and it uses some of the earthquake energy which goes into building.Metallic Yielding Dampers  Metallic dampers are usually made from steel. X Plate Metallic damper . This permanent deformation is called inelastic deformation. They are designed to deform so much when the building vibrates during an earthquake that they cannot return to their original shape.

. they create friction which uses some of the energy from the earthquake that goes into the building.Friction Dampers  Friction dampers are designed to have moving parts that will slide over each other during a strong earthquake. When the parts slide over each other.

massive girders. the building and the ground move as a unit. are sunk deep into the earth and attached to the stable bedrock beneath. they sink the structure's main support beams deep into the foundation. It is most often used when building on loose. Because of the deep piles. To build a pile foundation. all of the foundation's weight bypasses the loose soil and is transmitted to and supported by the more stable bedrock.  Constructing a pile foundation is another way to anchor a building to its frame. Then. Anchors bolt a building to its foundation. Anchoring fastens the foundation to both the bedrock and the frame of the building. Then.Anchoring Anchoring involves engineers pouring a foundation into stable bedrock. or piles. As a result. gravelly soil because it produces a stable platform on which to assemble a structure.  . the foundation of the structure is poured into the unstable soil around the piles.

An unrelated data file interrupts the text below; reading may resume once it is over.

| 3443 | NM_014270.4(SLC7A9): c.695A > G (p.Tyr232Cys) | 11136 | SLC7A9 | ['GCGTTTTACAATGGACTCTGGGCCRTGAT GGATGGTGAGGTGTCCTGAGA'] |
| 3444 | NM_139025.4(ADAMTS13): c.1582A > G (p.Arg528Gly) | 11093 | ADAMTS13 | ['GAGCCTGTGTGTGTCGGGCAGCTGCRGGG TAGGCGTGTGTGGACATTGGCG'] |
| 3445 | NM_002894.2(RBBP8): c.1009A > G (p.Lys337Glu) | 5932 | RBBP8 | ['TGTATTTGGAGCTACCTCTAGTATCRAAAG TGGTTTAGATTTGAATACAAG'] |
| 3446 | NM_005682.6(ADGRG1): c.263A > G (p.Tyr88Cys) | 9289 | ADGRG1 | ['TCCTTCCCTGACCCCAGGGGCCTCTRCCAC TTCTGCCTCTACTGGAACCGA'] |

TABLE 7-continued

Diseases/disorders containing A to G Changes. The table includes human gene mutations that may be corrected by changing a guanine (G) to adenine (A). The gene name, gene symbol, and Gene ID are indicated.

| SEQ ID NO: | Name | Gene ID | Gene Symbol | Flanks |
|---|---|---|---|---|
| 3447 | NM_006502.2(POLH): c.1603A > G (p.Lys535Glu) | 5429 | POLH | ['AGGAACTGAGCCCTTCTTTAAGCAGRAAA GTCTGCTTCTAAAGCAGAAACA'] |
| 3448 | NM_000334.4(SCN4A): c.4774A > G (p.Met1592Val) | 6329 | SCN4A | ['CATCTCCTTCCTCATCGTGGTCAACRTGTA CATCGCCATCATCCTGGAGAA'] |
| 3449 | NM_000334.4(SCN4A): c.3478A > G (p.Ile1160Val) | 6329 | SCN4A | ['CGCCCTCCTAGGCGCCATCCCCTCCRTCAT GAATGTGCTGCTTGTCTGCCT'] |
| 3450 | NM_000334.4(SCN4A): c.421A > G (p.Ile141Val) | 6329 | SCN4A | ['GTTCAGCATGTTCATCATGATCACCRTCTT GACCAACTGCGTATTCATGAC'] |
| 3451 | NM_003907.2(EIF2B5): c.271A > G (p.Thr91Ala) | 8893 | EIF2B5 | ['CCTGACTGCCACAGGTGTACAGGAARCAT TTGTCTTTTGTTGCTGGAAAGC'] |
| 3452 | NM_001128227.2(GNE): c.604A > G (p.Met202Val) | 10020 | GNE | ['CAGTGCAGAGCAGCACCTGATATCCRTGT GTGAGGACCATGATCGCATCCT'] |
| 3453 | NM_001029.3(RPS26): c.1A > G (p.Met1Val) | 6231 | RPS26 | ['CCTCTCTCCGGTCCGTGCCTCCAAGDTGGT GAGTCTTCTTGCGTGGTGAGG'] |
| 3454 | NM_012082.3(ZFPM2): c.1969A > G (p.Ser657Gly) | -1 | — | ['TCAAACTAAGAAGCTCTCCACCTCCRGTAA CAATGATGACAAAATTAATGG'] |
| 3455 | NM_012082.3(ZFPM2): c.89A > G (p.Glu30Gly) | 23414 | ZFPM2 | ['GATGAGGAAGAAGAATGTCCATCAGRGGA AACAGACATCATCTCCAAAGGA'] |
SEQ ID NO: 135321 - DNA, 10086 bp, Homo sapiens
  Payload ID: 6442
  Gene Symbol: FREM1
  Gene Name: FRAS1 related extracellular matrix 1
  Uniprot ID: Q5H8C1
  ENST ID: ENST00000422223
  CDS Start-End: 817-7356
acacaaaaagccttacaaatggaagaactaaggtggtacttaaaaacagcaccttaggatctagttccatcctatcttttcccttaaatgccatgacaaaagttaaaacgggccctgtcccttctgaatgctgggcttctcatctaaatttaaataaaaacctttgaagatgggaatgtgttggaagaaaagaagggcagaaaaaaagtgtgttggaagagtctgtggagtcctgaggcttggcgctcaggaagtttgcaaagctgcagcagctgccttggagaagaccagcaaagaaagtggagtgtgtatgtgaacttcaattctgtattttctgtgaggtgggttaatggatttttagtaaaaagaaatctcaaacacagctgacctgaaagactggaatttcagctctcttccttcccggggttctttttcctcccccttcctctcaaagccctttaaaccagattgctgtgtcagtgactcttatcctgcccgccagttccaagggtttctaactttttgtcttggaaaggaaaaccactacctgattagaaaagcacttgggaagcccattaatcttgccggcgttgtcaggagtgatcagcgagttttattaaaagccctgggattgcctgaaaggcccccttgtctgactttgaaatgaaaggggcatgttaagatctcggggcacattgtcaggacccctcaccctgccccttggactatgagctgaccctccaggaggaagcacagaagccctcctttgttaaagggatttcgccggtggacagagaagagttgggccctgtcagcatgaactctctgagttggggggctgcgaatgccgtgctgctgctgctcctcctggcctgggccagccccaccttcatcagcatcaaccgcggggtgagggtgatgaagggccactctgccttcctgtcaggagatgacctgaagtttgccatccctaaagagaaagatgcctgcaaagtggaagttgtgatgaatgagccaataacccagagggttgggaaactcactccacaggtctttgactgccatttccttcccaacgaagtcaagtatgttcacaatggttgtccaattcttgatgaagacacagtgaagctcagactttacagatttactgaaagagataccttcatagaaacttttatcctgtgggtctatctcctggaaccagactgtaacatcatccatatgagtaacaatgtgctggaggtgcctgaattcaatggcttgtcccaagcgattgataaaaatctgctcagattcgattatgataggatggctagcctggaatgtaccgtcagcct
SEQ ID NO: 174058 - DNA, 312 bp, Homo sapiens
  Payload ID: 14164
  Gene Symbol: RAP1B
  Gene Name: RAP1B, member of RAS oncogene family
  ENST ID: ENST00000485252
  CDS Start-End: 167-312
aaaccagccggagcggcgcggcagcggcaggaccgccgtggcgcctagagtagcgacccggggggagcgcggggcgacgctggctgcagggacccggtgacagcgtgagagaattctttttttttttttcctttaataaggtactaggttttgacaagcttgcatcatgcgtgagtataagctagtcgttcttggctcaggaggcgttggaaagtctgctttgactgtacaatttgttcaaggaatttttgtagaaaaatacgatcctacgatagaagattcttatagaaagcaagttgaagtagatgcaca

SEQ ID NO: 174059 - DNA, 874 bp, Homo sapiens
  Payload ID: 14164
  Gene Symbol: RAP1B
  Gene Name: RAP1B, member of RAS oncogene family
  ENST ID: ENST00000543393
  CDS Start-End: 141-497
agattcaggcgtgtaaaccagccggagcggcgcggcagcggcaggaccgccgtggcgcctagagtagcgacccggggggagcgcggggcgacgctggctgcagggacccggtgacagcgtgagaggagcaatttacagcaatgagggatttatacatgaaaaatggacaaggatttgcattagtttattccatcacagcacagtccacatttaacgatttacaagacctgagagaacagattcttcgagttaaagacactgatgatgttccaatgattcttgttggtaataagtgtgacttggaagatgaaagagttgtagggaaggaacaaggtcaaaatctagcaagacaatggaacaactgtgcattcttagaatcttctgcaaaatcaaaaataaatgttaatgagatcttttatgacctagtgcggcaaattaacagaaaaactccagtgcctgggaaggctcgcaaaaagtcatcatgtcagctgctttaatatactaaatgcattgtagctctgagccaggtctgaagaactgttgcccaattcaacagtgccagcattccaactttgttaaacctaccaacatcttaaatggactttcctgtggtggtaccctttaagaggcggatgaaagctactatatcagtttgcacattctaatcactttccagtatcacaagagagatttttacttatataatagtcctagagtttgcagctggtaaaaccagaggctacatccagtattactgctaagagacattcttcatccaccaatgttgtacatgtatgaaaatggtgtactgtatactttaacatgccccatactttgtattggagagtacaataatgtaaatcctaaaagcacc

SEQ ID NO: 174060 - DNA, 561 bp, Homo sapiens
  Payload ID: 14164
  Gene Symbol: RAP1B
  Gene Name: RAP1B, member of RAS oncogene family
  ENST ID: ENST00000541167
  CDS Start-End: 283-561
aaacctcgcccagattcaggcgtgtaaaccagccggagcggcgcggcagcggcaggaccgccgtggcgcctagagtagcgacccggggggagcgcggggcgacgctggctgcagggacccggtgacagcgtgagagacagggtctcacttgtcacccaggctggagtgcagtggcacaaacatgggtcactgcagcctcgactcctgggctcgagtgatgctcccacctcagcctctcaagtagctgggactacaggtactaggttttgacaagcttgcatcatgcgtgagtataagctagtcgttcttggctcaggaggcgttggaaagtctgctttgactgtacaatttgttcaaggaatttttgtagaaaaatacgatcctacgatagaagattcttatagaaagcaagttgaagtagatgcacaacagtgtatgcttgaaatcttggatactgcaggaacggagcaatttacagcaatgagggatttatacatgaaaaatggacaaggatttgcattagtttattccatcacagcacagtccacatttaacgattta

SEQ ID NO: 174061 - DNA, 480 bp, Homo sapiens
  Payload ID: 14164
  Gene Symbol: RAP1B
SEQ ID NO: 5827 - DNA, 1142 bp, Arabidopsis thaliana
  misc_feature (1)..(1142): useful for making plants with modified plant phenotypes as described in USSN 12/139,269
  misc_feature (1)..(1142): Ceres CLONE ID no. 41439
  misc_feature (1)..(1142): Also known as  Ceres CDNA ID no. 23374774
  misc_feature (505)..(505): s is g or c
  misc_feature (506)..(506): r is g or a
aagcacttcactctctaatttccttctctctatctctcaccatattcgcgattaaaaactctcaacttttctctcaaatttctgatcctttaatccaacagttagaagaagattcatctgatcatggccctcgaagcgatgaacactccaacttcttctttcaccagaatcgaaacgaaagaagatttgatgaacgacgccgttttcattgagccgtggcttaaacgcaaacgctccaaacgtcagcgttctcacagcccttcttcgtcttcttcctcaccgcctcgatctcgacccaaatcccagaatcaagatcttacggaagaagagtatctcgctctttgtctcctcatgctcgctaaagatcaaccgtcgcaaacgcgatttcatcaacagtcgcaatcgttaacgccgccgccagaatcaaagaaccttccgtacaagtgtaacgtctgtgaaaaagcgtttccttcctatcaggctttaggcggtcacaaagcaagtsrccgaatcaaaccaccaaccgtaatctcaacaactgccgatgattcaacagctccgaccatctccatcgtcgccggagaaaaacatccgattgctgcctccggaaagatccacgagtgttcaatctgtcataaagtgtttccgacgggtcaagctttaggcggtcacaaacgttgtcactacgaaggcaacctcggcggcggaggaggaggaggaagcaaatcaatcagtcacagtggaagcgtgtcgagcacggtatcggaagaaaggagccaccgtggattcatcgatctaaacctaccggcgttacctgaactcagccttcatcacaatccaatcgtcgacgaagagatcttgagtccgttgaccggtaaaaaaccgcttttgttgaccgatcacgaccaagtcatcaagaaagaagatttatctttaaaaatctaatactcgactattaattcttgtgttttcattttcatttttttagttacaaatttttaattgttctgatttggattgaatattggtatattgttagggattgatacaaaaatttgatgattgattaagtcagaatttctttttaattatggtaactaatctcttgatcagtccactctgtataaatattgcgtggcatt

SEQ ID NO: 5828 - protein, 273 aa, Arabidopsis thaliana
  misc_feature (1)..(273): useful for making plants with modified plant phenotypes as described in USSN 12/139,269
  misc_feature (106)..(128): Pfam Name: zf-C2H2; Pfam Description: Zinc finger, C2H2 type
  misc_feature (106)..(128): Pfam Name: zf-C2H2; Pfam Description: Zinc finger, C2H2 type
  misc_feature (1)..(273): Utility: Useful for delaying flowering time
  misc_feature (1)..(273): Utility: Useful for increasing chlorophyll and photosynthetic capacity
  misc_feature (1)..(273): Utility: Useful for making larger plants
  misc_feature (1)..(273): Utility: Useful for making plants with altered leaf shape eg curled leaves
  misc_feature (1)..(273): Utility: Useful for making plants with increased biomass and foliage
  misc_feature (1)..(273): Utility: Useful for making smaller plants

Sign up to vote on this title
UsefulNot useful